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Four revision apps to save your summer exam session

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Exams are upon us again and strong is the need to find ways of dealing with the year’s final trials.

From old-school notes to huge and colorful A3 mind maps (I had a first year colleague who did them quite nicely), the struggle is real as ever.   

Luckily, technology is our friend.

These useful apps will help you overcome the confusion and organise your study material and exam schedule. We have tested them on a Vodafone Tab Prime 7. 

Evernote | Android, iOS, Free

evernote

A name that needs no introduction, Evernote has been the most famous note-taking app of the last few years. Starting with the basics, it allows you to sketch down notes, to-do lists, audio, images, and more.

Some of its most interesting features include in-app image annotation, OCR support for scanning paper or whiteboards, email integration, easy notes sharing, a web clipper, and several organisation tools.

Evernote also has a sync feature that, after creating an account, allows you to view and edit your notes on multiple devices - two in the free version, more if you choose a premium plan. 

iStudiez Pro | Android, £2.59, iOS, £2.99

Istudiez

When it comes to schedule organisation, iStudiez Pro is at the top of the list. This app is great  to track your courses, professors, assignments, and grades.

You can also assign colours and icons to each individual class to make your calendar easy and quick to read.

With a very intuitive layout, it works better on big screens, while it might be a bit cumbersome to use on your iPhone.

Once you go through the initial setup, everything is laid out for the whole semester. Any changes you make only take a couple of taps, so the app stays out of your way, but keeps you on point to complete assignments and get to classes on time.

Quizlet | Android, iOS, Free

quizlet

The ultimate revising app when preparing for a test, Quizlet allows you to create flashcards on several different  topics, or choose from the millions designed by other Quizlet students. Particularly useful for standardised tests, the app has different revising modes and interesting features.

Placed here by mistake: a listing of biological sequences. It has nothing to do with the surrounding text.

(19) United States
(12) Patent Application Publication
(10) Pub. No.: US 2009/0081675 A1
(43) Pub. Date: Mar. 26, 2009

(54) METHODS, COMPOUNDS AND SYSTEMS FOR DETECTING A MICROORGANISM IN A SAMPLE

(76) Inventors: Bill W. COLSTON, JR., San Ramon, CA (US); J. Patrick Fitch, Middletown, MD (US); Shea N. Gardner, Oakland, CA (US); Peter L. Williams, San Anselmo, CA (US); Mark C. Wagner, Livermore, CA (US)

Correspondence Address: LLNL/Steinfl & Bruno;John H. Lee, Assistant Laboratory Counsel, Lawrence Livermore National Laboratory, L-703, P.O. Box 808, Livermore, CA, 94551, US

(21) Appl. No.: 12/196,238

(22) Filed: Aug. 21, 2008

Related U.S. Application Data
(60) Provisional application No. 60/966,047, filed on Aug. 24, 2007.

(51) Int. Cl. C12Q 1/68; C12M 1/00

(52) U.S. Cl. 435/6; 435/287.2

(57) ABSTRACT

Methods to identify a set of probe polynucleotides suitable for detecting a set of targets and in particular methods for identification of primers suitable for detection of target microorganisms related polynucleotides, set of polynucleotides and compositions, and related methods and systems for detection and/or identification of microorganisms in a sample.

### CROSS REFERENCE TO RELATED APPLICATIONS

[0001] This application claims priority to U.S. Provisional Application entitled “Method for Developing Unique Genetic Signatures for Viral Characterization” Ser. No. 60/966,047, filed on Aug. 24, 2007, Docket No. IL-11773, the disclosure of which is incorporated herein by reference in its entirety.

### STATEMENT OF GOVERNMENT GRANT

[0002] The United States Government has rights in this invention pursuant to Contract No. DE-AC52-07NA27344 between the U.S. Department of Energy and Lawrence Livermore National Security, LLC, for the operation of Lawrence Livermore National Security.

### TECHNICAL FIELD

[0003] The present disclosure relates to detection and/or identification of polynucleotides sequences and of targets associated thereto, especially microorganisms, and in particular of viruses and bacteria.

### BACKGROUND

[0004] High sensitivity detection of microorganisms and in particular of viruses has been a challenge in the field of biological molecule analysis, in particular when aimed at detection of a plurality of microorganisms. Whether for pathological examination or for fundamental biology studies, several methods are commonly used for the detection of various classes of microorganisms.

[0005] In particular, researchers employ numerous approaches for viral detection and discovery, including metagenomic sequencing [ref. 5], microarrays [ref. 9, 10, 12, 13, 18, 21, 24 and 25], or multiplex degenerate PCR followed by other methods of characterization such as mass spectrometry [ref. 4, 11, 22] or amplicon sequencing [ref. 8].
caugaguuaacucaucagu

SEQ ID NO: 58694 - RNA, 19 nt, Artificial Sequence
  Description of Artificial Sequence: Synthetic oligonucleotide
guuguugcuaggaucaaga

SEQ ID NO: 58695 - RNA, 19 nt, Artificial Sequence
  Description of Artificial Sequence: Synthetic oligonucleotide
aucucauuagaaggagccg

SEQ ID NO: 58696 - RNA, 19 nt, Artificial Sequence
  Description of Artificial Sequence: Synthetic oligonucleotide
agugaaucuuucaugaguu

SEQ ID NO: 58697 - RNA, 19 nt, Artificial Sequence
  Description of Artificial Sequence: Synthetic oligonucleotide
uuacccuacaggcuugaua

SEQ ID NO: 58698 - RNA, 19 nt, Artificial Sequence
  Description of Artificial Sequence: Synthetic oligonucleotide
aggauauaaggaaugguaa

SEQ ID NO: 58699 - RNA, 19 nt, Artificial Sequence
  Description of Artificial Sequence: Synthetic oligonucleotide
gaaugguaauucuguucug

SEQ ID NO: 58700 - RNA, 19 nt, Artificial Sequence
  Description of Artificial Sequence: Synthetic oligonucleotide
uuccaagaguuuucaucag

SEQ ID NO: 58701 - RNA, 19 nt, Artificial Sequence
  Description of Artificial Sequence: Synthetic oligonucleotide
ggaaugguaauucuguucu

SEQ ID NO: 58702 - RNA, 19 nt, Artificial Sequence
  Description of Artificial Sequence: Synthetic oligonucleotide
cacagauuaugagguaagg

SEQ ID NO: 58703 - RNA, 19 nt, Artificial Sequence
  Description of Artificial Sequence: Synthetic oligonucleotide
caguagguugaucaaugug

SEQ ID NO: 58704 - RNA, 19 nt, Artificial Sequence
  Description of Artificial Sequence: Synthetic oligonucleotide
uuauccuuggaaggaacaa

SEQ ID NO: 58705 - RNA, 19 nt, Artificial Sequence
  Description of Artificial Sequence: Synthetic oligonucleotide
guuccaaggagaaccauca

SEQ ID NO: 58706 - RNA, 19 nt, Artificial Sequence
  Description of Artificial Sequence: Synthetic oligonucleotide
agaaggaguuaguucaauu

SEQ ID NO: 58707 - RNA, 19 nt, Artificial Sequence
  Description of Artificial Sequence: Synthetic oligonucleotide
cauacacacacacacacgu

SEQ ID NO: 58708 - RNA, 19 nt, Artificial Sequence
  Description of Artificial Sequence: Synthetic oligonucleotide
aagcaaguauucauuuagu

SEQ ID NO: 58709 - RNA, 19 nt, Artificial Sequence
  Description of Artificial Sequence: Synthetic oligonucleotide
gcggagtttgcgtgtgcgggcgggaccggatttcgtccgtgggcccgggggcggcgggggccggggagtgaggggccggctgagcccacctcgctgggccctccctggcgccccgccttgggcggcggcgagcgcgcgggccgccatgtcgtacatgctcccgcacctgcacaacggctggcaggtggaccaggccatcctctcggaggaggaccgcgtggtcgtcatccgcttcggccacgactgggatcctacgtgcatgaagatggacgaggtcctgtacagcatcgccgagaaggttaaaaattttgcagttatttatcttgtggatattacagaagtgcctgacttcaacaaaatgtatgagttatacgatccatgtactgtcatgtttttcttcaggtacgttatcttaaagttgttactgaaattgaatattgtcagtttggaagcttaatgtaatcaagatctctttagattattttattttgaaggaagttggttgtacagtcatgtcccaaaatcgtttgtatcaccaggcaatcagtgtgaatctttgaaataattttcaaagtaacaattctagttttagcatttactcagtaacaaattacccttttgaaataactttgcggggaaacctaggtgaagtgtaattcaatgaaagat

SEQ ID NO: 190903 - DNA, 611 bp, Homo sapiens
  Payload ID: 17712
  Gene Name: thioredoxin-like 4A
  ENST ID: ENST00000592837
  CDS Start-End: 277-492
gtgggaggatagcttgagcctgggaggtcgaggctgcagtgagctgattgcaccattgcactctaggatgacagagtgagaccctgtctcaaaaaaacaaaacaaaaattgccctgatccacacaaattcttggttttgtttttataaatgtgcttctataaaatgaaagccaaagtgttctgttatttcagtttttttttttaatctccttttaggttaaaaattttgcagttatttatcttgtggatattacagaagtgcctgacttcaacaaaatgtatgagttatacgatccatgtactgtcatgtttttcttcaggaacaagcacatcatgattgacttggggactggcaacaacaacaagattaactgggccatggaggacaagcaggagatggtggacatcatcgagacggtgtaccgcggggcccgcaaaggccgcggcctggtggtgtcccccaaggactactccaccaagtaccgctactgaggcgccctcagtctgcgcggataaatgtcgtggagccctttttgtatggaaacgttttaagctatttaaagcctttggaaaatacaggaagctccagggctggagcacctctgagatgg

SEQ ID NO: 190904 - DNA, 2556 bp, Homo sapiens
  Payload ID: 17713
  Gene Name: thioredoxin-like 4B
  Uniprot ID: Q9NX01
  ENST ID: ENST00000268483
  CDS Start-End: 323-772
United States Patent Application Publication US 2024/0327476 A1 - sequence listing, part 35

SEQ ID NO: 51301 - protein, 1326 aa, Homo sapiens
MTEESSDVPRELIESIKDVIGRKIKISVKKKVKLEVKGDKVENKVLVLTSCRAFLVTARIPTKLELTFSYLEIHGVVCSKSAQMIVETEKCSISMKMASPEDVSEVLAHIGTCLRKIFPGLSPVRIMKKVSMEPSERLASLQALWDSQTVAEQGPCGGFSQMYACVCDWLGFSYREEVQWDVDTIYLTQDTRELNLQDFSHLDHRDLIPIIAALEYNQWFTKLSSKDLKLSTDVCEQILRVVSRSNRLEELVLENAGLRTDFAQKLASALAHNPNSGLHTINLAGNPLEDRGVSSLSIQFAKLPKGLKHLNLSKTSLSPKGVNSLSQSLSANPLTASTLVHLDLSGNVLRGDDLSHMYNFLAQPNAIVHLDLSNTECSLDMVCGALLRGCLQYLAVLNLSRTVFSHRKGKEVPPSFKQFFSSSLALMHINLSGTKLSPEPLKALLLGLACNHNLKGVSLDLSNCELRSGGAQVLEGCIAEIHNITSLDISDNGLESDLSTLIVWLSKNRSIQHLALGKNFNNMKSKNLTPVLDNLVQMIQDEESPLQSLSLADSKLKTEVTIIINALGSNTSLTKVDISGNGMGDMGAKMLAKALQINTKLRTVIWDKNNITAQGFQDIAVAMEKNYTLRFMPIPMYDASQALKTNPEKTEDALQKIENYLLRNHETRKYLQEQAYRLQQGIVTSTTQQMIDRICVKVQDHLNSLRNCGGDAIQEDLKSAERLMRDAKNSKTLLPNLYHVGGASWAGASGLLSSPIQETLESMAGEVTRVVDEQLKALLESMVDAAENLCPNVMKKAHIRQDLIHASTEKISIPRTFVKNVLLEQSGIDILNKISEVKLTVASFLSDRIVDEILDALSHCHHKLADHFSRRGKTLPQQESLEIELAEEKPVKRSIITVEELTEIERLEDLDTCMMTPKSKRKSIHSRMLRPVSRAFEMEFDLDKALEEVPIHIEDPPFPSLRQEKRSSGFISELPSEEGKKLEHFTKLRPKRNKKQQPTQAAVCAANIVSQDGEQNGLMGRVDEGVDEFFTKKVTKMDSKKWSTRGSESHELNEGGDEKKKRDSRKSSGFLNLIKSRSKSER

“Learn” mode, to put your memory to the test, “Match” to challenge other students , “Share study set” with classmates (as a Student) or your students (as a Teacher), “Listen” to realistic pronunciations of words in 18 different languages and “Enrich” your learning process with images and audio. All in all, a very interesting app to enhance your general knowledge and prepare for tests and exams.

Simplemind I Android, iOS, Free

Simplemind

Coming in both mobile and desktop versions, Simplemind lives up to its name. It is a basic but powerful tool designed to create mind maps. You can start editing your map on the go and modify it later on your pc.

The controls are simple: to create a new node, just select an existing one and double-click anywhere besides it. To collapse or edit a node, select it and use the quick-action buttons that pop up around it. The buttons are tiny but well laid out, so they're not confusing to use.

A bit of a buzzkiller, although the app on Android and iOS is free, you’ll have to pay around 20 quid for the desktop version. Still, it’s without doubt the best mind-map app on mobile.

What of these apps are you already using and which ones would you add to the list?

You can find links to the apps down below and one to the Vodafone Tab Prime 7 here.

Evernote: Android, iOS

iStudiez Pro: Android, iOS

Quizlet: Android, iOS

Simplemind: Android, iOS

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